Inequality and Social Policy: The Sociology of Welfare


212 pages
Contains Bibliography, Index
ISBN 0-471-79867-3





Reviewed by John Marshall

John Marshall was Associate Professor of Library and Information Science at the University of Toronto.


Intended as a text for students of social welfare, this book will also be illuminating to the general reader. By focusing on the concept and reality of inequality in Canadian society, Djao cuts through to the essentials, at the same time providing the background and context for the necessary perspective. As he says, “While the focus is on social welfare policies — for example, those related to income security and social services — every attempt is made to relate such specific policies to social policy in the broader sense, especially with regard to health and education.”

The argument is set firmly in the context of the contemporary “welfare state” as an expression of monopoly capitalism. It is set also in the context of four major sociological perspectives: rugged individualism, modified individualism, social democracy, and Marxism. While the first three are founded essentially on a consensus orientation, the fourth (Marxism) is characterized by a conflict orientation based on a structural, class analysis. After discussing the pros and cons of these approaches, Djao discards the first three as in varying degrees inadequate and opts for the Marxist approach as his basic analytical instrument.

So equipped, he demonstrates that social inequality is not just a matter of mal-distribution of income, goods, and services, but reflects the prevailing class structure of Canadian society. He then discusses the effects of taxation and welfare policies on income distribution to show that, while somewhat alleviating poverty in a fairly selective fashion and providing a very shaky “floor” for substandard incomes, the basic pattern of income disparities remains undisturbed (as, of course, does the class structure!).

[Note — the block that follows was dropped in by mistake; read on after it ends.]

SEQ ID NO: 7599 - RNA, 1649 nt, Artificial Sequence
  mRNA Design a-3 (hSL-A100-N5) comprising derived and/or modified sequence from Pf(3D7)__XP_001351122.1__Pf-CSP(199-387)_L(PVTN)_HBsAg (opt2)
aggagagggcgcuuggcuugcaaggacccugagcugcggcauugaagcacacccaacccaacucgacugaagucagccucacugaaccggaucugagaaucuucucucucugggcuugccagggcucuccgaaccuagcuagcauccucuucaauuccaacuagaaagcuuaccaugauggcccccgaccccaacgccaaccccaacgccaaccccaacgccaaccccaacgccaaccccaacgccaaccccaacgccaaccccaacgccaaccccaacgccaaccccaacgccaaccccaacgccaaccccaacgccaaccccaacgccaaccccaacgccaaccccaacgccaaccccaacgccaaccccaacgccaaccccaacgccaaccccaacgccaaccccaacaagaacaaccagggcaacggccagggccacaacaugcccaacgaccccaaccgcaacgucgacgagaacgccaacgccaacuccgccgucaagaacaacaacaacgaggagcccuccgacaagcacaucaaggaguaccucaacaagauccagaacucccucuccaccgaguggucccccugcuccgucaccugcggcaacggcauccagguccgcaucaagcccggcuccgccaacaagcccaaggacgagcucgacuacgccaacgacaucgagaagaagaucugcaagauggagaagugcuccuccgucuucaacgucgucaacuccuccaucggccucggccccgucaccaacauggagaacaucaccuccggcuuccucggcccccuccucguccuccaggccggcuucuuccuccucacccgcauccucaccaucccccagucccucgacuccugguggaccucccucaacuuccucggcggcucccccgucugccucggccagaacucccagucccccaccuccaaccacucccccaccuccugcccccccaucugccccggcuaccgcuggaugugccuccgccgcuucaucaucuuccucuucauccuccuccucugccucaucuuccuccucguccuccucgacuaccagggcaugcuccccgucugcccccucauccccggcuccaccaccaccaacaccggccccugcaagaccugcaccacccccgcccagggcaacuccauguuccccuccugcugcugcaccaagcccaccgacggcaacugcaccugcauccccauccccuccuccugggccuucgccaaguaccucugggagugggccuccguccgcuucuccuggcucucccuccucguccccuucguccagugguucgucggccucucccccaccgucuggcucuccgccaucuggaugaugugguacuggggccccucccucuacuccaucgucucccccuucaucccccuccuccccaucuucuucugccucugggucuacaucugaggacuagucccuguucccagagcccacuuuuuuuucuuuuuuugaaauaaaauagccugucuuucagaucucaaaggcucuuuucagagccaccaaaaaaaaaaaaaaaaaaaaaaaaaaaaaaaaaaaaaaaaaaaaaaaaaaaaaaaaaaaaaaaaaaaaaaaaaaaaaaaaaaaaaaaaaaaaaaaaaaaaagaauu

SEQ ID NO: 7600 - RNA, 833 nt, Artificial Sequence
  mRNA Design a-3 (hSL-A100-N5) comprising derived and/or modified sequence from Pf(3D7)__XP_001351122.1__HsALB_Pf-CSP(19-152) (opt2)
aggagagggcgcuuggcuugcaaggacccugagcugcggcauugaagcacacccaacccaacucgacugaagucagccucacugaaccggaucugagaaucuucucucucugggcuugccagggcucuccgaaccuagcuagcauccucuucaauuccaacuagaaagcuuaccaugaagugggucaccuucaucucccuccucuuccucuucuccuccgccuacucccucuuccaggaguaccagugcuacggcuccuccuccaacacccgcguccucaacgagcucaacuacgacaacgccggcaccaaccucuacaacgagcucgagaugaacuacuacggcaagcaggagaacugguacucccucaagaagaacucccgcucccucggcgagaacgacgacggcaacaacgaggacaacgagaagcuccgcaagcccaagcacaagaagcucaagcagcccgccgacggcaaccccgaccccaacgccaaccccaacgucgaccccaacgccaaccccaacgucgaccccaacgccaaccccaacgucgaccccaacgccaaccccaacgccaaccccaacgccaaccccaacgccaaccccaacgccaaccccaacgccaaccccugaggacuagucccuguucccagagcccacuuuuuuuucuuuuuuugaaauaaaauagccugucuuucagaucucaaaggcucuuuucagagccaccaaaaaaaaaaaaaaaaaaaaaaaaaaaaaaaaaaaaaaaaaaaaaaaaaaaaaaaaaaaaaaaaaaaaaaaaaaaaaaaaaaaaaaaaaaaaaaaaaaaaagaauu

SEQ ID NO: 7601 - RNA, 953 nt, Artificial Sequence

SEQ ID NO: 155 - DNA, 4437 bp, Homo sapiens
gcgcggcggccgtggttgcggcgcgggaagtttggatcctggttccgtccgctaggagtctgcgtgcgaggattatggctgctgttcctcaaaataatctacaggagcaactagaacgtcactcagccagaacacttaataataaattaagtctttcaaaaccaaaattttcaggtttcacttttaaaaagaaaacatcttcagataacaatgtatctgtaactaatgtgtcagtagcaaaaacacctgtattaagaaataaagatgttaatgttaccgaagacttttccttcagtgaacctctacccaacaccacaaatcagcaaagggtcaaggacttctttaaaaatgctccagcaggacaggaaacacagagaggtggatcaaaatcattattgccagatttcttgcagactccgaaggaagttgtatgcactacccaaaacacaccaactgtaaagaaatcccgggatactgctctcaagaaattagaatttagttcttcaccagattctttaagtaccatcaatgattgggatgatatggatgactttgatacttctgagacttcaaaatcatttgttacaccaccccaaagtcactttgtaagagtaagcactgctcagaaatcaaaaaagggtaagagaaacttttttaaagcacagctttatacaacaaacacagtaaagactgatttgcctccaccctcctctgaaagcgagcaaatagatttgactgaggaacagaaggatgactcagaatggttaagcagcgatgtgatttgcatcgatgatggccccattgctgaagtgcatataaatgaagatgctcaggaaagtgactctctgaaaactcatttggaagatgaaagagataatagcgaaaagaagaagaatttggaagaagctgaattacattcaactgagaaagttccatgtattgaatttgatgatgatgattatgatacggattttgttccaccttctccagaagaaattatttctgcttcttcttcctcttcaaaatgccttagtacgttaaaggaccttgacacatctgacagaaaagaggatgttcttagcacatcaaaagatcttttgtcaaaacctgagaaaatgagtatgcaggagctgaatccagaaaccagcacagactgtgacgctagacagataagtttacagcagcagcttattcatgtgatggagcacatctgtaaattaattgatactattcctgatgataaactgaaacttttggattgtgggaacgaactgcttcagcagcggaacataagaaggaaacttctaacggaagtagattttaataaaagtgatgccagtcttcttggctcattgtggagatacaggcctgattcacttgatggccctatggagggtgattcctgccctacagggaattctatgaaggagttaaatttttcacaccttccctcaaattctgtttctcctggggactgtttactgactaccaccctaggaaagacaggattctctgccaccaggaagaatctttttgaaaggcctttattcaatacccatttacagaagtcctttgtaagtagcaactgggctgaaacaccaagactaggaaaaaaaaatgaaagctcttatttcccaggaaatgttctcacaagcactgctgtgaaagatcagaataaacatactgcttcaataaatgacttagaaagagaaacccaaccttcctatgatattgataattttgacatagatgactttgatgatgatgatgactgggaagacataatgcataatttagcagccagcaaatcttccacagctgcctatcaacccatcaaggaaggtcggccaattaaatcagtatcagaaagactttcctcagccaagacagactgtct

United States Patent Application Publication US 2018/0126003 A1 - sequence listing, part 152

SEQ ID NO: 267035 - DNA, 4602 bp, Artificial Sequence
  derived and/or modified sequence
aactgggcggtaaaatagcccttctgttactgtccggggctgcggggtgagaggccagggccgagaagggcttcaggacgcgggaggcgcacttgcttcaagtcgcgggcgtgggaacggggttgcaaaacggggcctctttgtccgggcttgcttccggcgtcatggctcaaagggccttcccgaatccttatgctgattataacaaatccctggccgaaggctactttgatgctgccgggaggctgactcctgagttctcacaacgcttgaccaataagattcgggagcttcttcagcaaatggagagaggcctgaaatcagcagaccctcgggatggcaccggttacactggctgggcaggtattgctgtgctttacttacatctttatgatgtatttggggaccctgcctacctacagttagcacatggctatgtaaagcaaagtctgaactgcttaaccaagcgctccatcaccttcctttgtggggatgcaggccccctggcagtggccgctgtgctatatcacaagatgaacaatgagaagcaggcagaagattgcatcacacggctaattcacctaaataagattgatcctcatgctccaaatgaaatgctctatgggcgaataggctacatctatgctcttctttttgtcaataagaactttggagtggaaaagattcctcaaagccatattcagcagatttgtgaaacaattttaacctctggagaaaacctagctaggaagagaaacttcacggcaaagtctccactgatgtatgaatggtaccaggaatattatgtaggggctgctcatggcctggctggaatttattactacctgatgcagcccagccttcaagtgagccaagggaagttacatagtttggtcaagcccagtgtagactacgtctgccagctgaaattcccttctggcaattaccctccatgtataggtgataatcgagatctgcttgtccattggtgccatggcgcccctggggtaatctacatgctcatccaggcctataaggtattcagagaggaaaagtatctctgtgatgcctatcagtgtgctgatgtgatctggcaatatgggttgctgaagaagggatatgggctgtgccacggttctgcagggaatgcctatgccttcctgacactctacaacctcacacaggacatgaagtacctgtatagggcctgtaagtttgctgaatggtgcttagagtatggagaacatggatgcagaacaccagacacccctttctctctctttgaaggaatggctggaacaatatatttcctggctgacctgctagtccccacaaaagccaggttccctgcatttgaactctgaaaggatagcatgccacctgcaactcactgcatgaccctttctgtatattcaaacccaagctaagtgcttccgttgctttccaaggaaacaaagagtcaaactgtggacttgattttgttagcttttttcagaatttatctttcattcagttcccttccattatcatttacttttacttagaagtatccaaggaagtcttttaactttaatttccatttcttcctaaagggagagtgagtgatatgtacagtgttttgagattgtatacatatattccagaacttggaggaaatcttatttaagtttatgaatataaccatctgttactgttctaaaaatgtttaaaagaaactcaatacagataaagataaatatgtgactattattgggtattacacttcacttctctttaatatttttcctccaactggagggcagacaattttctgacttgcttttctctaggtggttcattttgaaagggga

Djao explains also the complementary functions of the welfare state in reproduction of labour power and in maintaining the non-working population. The book reviews all the major forms of “welfare processes” (e.g., income security and social services), with a strong emphasis on the plight of women and minorities, including Native people and the working and non-working poor. One of the best features of the book is a careful analysis of poverty and the erroneous interpretations thereof, including the “culture of poverty” and “blaming the victim” fallacies. The need for and function of ideological props to the system are clearly dealt with.

The book throughout is lucid, balanced, reasonable. The genuine achievements of the welfare state are recognized, necessary social measures are given their due, and the crucial importance of “universality” is underlined. Djao emphasizes the contradictions inherent in the welfare state, contradictions that provide the opportunity and the lever for limited but essential improvements in the welfare net which Canadians now find it necessary to strengthen and defend.


Djao, A.W., “Inequality and Social Policy: The Sociology of Welfare,” Canadian Book Review Annual Online, accessed May 26, 2024,